The Future of the Church – The Church of the Future
Easter 5 – Narrative Lectionary 3
May 14, 2017
Grace, Mankato, MN
Last weekend, Vicar John and I attended the Southeastern Minnesota Synod assembly in Rochester. The theme of this year’s assembly was “Following Jesus into a changing world. It’s a great theme as it reminds us that Jesus always goes ahead of us into the world and bids us to follow him there. Additionally, we are reminded that the world is ever-changing. At the assembly, there were several workshops around the theme. One that I attended was titled, “The Future of the Church – the Church of the Future.” The workshop consisted of a panel of five high school youth talking about their dreams for the church. The “future [members] of the church” were discussing “the church of the future.” Interestingly, these high school students didn’t care about style of worship, though an audience member assumed they preferred contemporary worship. (Most of the panelists worshiped in traditional settings.) Instead, they were looking for a church that was authentic, built on relationships, and open to their questions and struggles.
An underlying question in the book of Acts is, “What is the future of the church and church of the future?” As we look at Acts, it’s helpful to remember some basics about the book. First, the early church, under the guidance of the Holy Spirit, is making it up as they go along because they are in uncharted territory. Furthermore, it’s not settled at the end of the book just what this church will look like. It’s organically and dynamically open-ended.
Second, there are three broad movements in the book, all of them open-ended as well: from Jerusalem to Rome; from Jew to Gentile; and from Peter to Paul. All of these movements are present in the story of Philip and the Ethiopian in today’s reading. The good news of Jesus Christ crucified and risen is spreading beyond Jerusalem to the entire world, signified by the journey on the Wilderness Road. Furthermore, the gospel is going to the unlikeliest of people, signified by the Ethiopian Eunuch, as far removed from the Jewish faith as you can get. Finally, the gospel is proclaimed by others than Peter, in this case Philip, like Stephen one of the deacons set aside to provide for the widows in the community.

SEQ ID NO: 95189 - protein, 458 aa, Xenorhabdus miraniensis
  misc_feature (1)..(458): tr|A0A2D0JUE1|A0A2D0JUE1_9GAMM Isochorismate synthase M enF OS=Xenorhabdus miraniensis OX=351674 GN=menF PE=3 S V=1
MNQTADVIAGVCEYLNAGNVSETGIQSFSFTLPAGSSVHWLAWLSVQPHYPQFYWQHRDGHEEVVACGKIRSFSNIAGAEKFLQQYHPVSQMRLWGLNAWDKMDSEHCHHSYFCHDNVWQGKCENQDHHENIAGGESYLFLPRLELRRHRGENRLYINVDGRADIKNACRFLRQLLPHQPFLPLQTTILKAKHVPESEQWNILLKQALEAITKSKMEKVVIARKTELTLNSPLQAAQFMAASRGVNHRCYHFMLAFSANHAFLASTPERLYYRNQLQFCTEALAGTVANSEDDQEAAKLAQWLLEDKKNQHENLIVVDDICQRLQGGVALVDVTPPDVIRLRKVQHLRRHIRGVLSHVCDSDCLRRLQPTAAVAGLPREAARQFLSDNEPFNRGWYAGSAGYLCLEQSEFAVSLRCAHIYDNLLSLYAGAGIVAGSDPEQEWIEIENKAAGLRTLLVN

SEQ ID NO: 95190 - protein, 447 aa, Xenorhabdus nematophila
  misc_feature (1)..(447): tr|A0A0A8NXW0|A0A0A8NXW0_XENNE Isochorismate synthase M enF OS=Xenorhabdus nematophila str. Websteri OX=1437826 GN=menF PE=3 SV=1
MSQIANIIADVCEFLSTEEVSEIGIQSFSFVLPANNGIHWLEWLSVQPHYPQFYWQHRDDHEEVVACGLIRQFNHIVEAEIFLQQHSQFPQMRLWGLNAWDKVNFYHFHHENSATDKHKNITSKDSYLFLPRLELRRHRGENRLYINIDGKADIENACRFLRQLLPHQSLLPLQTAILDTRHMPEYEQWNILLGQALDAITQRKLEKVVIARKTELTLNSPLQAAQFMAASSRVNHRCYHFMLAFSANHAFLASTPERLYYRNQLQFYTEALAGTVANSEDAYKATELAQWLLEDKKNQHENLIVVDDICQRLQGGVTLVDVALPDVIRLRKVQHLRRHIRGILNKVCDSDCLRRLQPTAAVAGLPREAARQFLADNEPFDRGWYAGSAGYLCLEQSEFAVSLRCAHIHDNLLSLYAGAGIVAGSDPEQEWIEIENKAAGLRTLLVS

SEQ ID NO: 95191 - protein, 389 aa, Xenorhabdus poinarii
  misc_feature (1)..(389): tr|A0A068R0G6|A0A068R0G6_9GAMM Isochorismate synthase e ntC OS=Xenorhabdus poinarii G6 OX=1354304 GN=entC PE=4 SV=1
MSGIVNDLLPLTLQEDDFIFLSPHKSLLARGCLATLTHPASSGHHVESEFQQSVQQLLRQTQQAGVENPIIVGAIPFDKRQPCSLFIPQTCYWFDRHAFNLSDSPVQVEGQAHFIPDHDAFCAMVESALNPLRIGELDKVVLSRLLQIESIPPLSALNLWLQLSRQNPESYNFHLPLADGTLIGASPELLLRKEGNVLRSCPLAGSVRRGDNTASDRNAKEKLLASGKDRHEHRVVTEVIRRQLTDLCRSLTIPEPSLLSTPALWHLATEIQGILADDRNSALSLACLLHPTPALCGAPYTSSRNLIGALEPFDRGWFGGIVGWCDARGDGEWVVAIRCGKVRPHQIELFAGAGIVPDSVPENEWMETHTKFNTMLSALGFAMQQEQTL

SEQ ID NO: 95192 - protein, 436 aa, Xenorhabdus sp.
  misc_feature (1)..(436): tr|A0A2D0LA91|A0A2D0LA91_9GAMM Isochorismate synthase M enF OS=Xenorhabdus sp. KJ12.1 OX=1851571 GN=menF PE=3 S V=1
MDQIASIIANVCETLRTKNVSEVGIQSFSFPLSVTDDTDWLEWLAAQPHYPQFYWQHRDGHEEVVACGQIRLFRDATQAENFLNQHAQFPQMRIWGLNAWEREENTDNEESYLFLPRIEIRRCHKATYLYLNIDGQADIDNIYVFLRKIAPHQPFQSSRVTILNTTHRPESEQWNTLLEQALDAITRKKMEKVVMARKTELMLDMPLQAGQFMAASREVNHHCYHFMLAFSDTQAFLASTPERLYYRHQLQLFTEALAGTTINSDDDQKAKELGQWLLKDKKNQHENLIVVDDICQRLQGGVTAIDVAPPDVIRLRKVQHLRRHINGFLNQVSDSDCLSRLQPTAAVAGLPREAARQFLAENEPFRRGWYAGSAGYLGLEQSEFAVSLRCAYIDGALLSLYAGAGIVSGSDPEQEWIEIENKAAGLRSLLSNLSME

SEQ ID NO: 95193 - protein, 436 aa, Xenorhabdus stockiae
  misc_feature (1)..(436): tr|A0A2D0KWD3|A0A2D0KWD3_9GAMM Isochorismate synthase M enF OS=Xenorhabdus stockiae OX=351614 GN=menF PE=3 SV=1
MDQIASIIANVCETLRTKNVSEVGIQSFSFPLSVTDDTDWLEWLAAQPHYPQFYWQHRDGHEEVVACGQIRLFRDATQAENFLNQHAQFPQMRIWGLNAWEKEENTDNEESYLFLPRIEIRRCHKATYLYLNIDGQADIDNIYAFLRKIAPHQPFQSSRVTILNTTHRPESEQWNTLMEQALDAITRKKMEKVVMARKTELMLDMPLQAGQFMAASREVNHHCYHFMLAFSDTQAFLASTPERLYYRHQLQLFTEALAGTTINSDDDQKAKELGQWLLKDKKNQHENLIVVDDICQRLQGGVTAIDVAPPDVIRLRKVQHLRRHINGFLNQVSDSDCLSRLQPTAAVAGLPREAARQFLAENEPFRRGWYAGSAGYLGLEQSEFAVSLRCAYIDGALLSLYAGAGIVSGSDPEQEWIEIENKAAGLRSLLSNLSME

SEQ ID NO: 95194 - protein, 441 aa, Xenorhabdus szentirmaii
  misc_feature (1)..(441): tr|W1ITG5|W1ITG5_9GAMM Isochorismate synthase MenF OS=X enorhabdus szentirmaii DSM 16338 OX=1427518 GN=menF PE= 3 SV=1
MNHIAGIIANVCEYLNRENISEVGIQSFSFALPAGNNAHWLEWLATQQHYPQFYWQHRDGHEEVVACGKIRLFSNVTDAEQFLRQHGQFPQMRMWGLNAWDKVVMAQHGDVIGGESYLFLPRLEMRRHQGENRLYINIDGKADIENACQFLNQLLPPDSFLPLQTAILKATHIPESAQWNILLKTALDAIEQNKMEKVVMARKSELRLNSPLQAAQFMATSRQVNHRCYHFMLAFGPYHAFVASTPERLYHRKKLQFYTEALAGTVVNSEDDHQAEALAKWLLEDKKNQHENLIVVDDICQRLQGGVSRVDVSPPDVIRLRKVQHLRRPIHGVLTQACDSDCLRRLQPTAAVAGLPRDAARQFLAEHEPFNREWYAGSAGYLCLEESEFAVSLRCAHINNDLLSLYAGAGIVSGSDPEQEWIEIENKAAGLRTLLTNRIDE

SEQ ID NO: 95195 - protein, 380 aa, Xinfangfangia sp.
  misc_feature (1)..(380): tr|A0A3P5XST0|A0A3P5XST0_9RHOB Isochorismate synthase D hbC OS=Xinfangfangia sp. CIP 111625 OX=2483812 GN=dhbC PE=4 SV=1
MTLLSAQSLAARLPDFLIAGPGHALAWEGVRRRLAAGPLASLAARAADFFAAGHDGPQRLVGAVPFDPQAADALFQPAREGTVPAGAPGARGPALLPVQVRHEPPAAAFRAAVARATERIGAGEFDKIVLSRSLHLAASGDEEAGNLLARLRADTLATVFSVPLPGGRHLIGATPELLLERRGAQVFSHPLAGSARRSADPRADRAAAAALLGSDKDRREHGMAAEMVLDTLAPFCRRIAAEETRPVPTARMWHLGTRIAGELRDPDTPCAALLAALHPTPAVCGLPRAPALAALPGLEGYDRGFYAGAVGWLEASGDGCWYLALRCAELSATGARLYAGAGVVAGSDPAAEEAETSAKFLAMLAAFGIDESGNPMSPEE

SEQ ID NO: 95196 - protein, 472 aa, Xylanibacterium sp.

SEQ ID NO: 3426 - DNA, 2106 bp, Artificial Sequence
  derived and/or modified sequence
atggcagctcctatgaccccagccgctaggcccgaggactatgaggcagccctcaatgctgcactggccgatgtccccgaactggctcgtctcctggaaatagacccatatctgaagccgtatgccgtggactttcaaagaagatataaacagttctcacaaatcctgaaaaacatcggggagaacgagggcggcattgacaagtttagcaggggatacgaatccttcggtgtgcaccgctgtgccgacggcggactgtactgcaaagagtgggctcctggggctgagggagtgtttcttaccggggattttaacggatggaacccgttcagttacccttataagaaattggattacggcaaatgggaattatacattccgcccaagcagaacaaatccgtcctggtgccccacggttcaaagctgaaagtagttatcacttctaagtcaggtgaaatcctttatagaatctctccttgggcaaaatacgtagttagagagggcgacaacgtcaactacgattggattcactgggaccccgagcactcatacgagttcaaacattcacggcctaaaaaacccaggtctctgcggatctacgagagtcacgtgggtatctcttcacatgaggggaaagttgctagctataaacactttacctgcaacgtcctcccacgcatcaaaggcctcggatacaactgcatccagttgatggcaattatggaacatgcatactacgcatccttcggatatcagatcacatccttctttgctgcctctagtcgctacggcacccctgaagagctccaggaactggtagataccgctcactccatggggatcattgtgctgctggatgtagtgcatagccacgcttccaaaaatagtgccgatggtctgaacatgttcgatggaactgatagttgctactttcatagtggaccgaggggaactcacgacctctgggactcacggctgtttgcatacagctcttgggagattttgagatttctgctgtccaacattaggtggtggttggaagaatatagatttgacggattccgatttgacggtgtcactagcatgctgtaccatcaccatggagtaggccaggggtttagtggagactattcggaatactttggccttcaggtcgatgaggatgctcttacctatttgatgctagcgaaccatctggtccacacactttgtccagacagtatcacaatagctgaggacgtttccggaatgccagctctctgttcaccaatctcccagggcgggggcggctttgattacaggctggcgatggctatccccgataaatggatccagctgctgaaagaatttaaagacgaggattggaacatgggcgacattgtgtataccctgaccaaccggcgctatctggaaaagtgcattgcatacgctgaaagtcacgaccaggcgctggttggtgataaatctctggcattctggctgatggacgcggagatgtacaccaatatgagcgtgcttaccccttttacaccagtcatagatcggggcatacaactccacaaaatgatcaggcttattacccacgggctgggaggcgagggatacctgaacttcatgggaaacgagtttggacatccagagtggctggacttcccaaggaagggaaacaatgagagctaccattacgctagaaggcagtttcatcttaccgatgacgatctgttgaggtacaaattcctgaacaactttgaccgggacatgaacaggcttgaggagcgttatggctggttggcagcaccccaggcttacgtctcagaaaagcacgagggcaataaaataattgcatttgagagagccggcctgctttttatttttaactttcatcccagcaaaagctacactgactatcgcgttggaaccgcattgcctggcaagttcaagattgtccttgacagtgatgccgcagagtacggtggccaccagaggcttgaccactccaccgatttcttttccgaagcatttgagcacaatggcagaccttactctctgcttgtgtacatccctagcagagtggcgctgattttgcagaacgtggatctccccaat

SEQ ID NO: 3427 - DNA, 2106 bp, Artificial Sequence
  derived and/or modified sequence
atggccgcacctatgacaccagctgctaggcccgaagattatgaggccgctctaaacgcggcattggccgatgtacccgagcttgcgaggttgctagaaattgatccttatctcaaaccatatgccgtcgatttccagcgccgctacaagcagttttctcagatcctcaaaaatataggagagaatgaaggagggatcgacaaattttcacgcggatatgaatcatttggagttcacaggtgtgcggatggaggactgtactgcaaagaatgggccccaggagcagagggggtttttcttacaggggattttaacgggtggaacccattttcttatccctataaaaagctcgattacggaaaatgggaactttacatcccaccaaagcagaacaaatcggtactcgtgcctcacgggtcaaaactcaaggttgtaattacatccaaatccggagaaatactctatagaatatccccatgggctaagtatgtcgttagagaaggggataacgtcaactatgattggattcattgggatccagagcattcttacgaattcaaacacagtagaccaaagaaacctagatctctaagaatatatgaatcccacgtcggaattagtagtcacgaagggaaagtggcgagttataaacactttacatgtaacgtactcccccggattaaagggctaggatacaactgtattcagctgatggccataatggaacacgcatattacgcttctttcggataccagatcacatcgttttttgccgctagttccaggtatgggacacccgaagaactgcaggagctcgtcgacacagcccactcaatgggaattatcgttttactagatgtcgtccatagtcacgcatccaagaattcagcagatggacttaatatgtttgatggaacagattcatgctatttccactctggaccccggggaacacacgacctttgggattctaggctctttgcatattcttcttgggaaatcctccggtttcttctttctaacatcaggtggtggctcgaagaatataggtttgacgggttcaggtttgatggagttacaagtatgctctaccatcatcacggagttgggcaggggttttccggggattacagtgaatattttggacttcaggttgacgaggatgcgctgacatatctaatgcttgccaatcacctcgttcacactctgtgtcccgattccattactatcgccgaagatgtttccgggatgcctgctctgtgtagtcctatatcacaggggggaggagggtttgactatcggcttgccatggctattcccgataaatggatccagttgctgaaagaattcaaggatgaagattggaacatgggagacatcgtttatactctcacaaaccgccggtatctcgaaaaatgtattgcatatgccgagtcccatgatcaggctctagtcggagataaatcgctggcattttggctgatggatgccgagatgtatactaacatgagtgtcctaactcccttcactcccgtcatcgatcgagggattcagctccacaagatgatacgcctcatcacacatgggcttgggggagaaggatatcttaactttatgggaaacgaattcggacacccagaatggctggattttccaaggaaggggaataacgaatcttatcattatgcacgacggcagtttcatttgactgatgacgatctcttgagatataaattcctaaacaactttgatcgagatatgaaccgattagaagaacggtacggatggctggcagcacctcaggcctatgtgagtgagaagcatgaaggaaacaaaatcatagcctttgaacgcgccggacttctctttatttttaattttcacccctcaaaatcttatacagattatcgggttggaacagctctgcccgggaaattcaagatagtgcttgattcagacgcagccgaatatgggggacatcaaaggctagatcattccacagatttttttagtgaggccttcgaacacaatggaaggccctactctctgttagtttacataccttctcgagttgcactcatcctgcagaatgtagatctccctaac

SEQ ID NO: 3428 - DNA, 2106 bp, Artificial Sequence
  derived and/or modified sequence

It’s a wonderful story, but what caught my attention was the exchange between the Ethiopian and Philip regarding the passage from Isaiah. Eric Barreto, Bible Study leader at the assembly, wants us to imagine Philip running up to the chariot and overhearing the Ethiopian reading out loud (a good reminder that one should text and drive, even 2,000 years ago). Eventually, the Ethiopian asks for help and Philip agrees. The first thing that occurred to me about this text is that scripture is intended to be read in community. We can and should read the Bible ourselves, but we remember that the Bible comes out of community and it is intended for community.
I’ve talked before how I left the church after Confirmation. Shortly after my “conversion,” I returned to church and had many questions. I needed guides who would walk with me and help me through the questions I had. Since then, I’ve been involved in many Bible studies and I always come away richer. Almost every week, I gather with other clergy to discuss the text for the coming week and I always gain something from the experience. But I’ve also been in Bible studies with lay people who also bring a viewpoint and experiences to the discussion that are enriching.
The second point I want to make is highlighted by one desire the young peoples’ panel had for the church: the church as a place of questions. They want a church that takes their questions seriously and doesn’t give them pat answers. They want a church that meets them where they are in their faith journeys or wilderness roads. They want us to come alongside them, build relationships with them and treat them as authentic partners in ministry. I left the church when I was their age because I didn’t see that kind of church, even though I couldn’t articulate it as well as they did at the time. But I came back hoping to find it and if I couldn’t find it, help make it into that kind of church.
So, I think we are on the right track with what we’ve been doing here at Grace the past five years with our programming and staffing changes. Even so, like the early church in Acts, we’re not there yet and we’re making it up as we go along. While we are “Growing with Grace,” we’ll continually ask what God is doing in the world and what God is calling us to do. We’ll keep ourselves open to the movement of the Holy Spirit. We’ll read scripture together, we’ll build relationships and connections, and we’ll walk with each other on our wilderness journeys. So, hang on: the church does have a future because the crucified Jesus is risen. Thanks be to God. Amen.